Private equity is back in business

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PE investment activity began 2013 much as it ended 2012—directionless and lacking any clear sense of forward momentum. The failure of deal activity to gain traction globally since the financial crisis has raised concerns among many industry observers that PE may be suffering from more than a cyclical slide. But as we point out in Bain & Company’s Global Private Equity Report 2013 those who assert that the experience of recent years defines a scaled-down “new normal” for the PE industry need to contend with several inconvenient facts.


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For one thing, industry growth would have been far higher overall across the period had major economic upheavals not disrupted PE deal making. In 2011, the resurfacing of sovereign debt problems in Europe and the US disrupted credit markets, making it difficult to finance deals. Then in 2012, the euro zone’s slide back into recession scrambled expectations of buyers (who were reluctant to overpay) and sellers (who were loath to settle for a lower price) across Europe, making it even harder for the two sides to come to terms. To gauge the underlying health of the PE buyout market, Bain looked at how acquisitions by buyout funds compared with the far bigger number and value of corporate M&A activity in recent years. The data clearly show that the LBO market has held its own and do not suggest that there is anything structurally wrong with PE. Accounting for a steady 8% of total M&A over the past three years, buyouts enjoy a higher market share post-downturn than they did prior to the last upswing. The past few years have simply been a challenging time to do deals, regardless of who the acquirer is.

Furthermore, superficially flat buyout activity between 2010 and 2012 masks shifting regional undercurrents. Despite choppy economic conditions over the past three years, the trend line of buyouts in both North America and Asia–Pacific has increased overall—by 5% and 8% compounded annually, respectively. By contrast, Europe—the epicenter of global economic woes—saw buyout activity shrink by 11% annually over the three-year period through 2012. Indeed, Europe’s troubles and the consequent decline in deal making in that region obscured gains elsewhere in the world.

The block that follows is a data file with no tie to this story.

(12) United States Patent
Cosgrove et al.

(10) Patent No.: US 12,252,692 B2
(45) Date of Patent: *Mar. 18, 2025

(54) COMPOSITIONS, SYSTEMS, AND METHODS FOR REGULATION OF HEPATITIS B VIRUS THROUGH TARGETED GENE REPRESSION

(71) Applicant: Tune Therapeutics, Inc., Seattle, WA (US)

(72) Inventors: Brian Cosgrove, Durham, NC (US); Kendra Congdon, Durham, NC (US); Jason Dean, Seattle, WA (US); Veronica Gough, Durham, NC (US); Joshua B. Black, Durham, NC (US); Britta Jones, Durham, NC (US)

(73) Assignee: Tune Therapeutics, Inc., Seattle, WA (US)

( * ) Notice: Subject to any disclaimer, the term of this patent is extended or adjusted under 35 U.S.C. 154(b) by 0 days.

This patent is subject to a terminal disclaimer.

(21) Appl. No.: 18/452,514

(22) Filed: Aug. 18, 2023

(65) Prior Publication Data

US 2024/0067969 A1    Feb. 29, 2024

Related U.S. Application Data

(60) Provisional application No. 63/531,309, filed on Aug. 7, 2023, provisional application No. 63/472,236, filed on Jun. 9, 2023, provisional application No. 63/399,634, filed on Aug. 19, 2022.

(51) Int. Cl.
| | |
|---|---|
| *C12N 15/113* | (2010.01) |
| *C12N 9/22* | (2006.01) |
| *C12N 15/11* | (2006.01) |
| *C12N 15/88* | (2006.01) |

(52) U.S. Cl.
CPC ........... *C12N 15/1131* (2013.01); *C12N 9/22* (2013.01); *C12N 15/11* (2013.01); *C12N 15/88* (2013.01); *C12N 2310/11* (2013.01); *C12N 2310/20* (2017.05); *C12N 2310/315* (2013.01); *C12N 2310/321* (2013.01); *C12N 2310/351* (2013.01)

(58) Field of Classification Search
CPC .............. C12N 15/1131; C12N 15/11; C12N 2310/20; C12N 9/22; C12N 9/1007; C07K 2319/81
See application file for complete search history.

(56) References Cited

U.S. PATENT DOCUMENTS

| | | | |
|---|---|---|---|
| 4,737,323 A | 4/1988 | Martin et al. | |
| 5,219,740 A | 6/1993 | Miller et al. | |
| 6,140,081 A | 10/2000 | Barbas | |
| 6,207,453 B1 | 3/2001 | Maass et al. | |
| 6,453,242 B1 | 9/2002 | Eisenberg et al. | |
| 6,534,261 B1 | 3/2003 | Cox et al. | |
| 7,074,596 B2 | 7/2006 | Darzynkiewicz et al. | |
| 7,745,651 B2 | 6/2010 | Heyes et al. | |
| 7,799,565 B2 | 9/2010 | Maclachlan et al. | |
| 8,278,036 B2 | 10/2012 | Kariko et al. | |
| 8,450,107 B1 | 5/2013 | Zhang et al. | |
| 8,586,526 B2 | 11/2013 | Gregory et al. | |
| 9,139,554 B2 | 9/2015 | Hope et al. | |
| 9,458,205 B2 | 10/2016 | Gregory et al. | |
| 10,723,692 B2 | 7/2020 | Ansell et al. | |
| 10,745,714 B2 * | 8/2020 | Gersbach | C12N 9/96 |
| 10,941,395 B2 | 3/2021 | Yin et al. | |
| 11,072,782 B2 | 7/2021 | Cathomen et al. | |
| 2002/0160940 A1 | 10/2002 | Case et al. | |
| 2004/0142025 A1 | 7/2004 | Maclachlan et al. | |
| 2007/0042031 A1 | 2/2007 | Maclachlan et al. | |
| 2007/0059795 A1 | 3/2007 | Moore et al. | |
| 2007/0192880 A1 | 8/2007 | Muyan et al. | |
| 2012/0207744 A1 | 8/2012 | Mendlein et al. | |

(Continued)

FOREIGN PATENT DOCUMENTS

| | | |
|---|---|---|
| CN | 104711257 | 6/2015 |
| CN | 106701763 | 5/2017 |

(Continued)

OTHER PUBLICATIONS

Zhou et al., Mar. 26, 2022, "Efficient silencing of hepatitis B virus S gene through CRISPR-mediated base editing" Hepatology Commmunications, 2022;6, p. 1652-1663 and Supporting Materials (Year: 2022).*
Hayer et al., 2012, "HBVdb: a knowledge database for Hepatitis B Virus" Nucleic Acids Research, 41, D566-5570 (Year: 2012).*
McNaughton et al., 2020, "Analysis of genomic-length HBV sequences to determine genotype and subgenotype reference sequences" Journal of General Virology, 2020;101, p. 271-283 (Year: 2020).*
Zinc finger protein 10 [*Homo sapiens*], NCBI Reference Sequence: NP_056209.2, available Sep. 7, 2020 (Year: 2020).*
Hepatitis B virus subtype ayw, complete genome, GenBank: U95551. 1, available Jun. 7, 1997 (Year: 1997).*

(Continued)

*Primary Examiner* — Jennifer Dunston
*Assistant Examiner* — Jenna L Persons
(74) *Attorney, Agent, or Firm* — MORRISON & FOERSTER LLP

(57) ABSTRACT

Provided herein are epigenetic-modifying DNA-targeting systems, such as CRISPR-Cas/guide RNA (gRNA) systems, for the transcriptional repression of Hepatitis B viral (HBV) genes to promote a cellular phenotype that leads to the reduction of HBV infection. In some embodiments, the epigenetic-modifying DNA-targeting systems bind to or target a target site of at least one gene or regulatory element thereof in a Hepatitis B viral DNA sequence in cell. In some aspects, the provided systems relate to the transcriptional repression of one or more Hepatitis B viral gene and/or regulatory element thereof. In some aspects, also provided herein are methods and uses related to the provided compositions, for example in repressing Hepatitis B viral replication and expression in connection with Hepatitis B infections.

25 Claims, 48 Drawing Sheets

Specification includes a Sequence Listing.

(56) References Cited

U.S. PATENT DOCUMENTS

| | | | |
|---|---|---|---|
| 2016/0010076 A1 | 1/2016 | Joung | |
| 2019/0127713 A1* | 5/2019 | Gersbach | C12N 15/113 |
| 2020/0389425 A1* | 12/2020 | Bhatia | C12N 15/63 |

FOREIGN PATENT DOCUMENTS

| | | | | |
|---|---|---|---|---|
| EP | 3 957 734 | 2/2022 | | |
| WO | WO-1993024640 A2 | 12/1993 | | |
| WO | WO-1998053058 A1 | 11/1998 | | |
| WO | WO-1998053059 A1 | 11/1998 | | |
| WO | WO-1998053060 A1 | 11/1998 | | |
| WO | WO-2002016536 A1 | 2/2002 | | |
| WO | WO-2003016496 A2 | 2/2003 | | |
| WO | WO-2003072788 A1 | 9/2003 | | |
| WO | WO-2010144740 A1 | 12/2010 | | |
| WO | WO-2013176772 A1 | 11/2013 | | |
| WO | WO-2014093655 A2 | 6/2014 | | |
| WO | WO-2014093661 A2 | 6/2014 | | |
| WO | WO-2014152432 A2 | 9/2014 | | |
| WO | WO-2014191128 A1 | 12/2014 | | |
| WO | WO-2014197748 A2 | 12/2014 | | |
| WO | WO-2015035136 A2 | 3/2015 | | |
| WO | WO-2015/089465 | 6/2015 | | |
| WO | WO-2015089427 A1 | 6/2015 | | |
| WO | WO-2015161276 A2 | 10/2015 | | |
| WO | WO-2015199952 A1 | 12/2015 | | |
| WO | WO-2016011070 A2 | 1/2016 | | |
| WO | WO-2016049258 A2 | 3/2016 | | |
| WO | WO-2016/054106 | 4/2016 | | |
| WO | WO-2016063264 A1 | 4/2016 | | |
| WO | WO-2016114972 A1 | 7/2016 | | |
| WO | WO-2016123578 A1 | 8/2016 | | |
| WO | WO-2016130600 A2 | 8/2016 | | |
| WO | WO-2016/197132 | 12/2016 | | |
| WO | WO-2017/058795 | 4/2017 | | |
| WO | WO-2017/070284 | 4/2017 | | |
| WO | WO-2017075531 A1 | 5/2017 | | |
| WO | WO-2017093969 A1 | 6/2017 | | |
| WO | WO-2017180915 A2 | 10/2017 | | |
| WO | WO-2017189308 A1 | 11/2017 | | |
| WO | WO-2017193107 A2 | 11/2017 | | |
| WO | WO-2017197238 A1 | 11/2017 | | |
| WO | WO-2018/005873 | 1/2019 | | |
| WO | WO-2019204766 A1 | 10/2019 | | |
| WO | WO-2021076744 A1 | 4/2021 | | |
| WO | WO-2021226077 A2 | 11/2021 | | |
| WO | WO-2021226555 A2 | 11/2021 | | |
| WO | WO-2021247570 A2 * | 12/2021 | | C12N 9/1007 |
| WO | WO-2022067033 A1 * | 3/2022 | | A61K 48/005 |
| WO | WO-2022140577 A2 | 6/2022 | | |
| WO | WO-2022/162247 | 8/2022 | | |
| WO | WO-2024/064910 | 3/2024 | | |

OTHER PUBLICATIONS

Finally, in the absence of a major economic shock, prospects are good that 2013 will be a better year than preceding ones. Beyond struggling Europe, market conditions for PE are solid. GPs are armed with plenty of dry powder that they are eager to put to work. Debt markets began 2013 far stronger than they had going into 2012, with both the cost and availability of borrowing for LBOs very favorable. Indeed, the big “open for business” sign hanging over the global debt markets is the biggest factor favoring a pick-up in PE investment activity in 2013. Investors of all sorts, from hedge funds to loan mutual funds, are hungry for yield wherever they can find it in today’s climate of sustained near-zero interest rates in the US and they are flocking to buy new debt issuances from PE borrowers. The recent surge in demand for PE debt with few or no covenants is a major shift. Meanwhile, new collateralized loan obligation (CLO) issuances revived. CLO issuance hit a post-downturn peak of some $50 billion in 2012—approximately four times the total volume for 2011—and appears to be headed far higher in 2013. Indeed, there seems to be no limit to the capital pouring into the high-yield debt markets, which means plenty of debt will be available for LBOs and at a low cost that will make more deals possible.

The PE industry’s growth since 2009, however, does not suggest that the industry will become much bigger anytime soon. Based on current trends, with European PE remaining at its 2012 level of activity and the North American and Asian PE markets continuing to grow at the same rate as they did between 2010 and 2012, the industry would expand from last year’s disclosed deal value of $186 billion to about $195 billion. But such strengthening as the PE market has seen over the past few years only hints at what 2013 could bring. Only a revival in public-to-private conversions that powered PE deal making during the last upswing could push deal activity into a much higher orbit. We will explore the prospects of that happening in our next posting.

Written by Hugh MacArthur, Graham Elton, Bill Halloran and Suvir Varma, leaders of Bain & Company’s Private Equity Group.